A Multilevel Perspective on Training and Development Effectiveness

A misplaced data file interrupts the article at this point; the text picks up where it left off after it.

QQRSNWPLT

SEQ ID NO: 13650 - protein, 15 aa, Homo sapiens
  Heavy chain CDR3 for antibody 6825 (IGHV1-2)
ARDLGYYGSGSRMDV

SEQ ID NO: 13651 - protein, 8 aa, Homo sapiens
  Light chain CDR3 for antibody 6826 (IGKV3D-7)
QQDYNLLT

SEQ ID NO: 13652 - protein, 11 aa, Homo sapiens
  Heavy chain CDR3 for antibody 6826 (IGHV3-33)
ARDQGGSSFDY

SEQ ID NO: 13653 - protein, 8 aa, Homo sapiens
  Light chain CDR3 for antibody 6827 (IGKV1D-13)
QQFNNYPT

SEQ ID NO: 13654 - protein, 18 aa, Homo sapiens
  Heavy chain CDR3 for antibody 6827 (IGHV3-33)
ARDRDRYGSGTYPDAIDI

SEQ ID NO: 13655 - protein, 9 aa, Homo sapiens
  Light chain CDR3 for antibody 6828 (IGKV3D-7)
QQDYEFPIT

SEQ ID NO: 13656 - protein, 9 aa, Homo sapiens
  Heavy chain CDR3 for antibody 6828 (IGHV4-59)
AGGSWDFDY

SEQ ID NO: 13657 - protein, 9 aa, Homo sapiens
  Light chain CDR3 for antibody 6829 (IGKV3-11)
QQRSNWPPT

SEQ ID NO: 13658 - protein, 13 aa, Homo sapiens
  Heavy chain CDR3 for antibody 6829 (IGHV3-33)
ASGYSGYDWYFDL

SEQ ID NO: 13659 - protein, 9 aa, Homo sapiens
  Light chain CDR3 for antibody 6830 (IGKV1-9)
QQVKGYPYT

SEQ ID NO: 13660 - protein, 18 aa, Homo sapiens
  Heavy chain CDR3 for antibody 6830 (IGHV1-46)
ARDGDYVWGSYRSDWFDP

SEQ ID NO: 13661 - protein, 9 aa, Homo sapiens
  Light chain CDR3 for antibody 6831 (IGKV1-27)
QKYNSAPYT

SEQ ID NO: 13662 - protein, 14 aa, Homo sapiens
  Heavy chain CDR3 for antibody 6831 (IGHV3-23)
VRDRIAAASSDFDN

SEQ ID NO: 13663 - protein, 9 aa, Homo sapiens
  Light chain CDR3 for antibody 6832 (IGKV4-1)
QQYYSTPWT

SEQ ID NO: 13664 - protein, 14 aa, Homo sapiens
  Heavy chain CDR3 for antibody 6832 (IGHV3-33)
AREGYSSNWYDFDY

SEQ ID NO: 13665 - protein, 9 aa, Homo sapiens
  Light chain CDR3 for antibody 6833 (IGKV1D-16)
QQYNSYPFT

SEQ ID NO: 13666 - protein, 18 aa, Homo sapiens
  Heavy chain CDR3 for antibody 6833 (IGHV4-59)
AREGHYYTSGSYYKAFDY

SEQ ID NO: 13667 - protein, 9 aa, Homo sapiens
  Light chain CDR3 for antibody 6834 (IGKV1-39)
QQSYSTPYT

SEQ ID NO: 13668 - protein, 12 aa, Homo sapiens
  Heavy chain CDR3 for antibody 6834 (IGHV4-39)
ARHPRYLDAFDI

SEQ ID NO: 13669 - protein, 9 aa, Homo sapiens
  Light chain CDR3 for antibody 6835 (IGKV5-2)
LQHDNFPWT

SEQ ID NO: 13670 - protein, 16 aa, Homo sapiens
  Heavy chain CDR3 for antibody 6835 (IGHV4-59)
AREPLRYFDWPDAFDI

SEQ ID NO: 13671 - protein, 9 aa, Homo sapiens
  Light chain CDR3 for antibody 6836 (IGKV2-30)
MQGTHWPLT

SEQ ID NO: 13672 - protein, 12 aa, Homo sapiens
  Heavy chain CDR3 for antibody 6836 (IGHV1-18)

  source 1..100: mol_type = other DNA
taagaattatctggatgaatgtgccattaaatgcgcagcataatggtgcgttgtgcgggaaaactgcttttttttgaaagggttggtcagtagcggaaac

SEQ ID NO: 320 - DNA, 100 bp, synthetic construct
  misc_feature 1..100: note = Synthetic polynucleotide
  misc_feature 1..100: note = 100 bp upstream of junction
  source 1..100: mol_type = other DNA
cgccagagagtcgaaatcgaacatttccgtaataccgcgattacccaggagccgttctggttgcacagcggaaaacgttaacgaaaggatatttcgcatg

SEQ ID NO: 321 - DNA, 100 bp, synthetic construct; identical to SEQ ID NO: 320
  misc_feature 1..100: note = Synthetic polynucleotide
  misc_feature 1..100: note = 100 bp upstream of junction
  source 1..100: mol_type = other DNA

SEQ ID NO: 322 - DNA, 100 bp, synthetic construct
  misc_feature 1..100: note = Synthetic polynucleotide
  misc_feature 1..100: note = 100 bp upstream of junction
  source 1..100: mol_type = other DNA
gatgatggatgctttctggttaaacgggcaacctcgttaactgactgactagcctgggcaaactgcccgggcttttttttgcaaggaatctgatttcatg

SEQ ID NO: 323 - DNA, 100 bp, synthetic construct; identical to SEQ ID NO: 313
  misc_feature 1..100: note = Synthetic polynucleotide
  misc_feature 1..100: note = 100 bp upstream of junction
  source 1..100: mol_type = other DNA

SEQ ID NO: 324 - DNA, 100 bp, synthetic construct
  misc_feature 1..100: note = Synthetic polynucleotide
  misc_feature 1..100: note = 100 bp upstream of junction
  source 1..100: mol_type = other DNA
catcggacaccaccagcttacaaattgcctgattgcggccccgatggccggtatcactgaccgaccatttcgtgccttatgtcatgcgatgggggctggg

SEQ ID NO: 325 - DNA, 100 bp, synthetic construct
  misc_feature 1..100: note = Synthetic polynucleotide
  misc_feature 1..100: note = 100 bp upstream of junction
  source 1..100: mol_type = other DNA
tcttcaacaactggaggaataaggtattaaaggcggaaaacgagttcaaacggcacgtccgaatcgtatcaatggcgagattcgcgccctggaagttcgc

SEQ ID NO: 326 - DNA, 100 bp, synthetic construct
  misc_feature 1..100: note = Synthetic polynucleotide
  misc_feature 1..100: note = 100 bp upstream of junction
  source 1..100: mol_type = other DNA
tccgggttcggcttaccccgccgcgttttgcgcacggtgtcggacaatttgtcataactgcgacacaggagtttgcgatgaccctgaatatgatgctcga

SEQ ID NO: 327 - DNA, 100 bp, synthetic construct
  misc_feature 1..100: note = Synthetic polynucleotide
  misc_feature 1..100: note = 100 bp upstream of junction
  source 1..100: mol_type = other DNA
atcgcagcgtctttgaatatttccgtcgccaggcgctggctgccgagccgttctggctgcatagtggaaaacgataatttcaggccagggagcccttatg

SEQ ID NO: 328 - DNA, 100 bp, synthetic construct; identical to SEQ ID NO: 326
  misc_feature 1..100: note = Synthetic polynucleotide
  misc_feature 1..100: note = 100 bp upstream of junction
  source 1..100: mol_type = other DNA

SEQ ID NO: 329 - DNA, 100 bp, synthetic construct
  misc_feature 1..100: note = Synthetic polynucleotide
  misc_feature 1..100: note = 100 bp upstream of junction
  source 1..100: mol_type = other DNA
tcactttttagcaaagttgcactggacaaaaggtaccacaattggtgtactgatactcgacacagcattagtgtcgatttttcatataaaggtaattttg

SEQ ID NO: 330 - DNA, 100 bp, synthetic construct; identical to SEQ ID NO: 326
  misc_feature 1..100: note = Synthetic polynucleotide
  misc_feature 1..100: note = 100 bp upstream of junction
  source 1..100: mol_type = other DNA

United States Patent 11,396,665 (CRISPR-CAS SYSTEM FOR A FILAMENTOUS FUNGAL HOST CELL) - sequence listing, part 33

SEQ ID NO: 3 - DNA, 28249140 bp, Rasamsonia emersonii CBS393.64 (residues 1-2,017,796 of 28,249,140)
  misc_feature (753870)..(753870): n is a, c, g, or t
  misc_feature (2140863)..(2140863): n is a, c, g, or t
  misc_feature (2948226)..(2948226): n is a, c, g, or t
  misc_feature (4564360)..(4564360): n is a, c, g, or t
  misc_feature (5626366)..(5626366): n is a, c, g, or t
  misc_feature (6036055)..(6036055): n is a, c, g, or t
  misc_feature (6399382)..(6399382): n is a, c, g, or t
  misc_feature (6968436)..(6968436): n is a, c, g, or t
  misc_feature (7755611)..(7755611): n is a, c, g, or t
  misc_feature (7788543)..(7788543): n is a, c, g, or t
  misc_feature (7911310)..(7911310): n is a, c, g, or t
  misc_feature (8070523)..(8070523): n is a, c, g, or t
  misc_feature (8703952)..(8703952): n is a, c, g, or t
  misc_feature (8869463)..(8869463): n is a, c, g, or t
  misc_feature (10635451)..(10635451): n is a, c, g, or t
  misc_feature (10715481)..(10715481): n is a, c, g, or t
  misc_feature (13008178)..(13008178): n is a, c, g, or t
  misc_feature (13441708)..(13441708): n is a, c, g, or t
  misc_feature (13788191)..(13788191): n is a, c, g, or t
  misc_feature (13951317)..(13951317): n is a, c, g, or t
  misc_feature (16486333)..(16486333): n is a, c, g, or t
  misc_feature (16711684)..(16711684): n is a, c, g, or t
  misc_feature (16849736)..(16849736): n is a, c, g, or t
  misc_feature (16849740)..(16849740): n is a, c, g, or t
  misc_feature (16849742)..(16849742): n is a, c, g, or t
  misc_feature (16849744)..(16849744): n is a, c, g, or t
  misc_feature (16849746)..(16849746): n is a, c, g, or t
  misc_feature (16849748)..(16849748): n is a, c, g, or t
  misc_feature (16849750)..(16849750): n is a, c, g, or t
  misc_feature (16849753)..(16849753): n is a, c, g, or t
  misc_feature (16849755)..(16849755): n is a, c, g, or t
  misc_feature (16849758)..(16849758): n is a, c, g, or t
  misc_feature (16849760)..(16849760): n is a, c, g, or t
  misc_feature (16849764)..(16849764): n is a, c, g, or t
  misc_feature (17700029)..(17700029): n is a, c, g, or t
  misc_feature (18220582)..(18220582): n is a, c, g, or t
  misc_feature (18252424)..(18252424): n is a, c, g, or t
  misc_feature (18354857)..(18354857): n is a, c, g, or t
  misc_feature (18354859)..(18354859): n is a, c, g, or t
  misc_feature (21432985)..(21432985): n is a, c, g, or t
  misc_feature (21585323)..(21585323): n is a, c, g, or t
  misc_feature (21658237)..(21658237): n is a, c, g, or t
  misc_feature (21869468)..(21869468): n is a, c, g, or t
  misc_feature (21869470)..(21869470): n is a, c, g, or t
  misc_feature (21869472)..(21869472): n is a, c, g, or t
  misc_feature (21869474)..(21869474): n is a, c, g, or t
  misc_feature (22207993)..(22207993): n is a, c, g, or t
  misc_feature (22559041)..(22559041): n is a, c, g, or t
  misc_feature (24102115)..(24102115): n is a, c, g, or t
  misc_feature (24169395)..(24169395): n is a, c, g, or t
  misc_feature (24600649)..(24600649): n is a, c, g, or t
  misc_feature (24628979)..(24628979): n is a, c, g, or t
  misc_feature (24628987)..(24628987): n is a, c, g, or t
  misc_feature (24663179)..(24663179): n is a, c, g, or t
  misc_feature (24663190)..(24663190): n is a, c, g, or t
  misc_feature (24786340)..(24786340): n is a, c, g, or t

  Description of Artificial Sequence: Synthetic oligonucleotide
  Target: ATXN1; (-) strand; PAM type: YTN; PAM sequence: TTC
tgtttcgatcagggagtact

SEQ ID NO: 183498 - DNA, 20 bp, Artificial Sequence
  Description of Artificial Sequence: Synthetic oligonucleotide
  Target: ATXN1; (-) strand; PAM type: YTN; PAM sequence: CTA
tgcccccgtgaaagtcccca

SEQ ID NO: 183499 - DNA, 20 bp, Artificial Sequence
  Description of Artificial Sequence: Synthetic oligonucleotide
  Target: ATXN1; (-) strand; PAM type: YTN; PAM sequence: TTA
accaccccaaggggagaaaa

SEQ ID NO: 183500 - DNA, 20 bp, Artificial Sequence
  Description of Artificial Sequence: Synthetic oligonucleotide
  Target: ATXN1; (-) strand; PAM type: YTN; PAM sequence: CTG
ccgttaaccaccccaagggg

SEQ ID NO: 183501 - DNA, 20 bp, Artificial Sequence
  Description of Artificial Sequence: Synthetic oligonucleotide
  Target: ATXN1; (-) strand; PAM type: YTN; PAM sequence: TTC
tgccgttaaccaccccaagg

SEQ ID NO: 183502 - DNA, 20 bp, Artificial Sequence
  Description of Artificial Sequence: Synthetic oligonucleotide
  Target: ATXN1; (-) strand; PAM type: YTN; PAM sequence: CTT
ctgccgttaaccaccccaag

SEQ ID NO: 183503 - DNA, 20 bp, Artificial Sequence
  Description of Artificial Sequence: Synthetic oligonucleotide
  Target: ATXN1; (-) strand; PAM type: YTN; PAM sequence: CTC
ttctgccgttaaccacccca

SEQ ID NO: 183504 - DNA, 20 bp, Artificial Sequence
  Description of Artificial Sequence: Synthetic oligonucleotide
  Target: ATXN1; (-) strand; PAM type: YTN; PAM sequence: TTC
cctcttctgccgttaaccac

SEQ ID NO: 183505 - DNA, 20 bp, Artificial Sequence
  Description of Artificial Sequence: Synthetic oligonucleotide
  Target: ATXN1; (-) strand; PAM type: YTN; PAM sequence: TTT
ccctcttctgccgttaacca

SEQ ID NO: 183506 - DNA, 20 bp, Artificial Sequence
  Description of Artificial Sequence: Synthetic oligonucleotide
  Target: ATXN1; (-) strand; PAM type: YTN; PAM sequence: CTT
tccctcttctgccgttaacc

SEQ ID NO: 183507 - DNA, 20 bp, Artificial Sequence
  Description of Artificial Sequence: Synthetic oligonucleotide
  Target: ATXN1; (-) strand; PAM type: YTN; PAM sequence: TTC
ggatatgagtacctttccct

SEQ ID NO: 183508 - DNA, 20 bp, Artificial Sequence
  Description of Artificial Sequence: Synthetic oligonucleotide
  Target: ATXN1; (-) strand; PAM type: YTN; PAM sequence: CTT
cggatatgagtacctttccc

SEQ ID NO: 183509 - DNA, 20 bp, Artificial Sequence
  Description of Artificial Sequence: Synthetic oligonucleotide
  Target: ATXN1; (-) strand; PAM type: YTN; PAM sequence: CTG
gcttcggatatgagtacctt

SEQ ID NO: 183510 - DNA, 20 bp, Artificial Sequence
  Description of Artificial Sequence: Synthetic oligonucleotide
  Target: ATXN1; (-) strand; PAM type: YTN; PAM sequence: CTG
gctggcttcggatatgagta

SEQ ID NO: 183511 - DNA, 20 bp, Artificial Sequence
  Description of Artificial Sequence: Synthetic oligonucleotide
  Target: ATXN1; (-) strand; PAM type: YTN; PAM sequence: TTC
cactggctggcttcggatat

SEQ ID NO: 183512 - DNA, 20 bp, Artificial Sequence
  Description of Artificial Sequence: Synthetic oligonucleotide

In today’s highly competitive and global environment, the difference between being a market leader versus a failure is razor thin. Both academic researchers (e.g., Hatch & Dyer, 2004) and business leaders (e.g., Welsh, 2005) have submitted that the difference between organizational success and failure often comes down to how well organizations can attract, develop, align, and retain their human capital. Indeed, the resource-based view of firm performance argues that organizations have a competitive advantage to the extent that they can leverage valuable resources more readily than their competitors. This theory of organizations has been widely adopted by theorists and researchers in the area of strategic human resource management (SHRM). Whereas various models of SHRM exist, they share a common theme in that it is critical to align specific human resource management (HRM) facets (e.g., selection, training, performance management, and reward systems) with the strategic direction of the organization. In other words, the overall guiding strategic model of the organization sets the context within which the effectiveness of various human resources (HR) components can be gauged. This direction, then, filters down throughout the multiple levels of the firm and needs to be managed.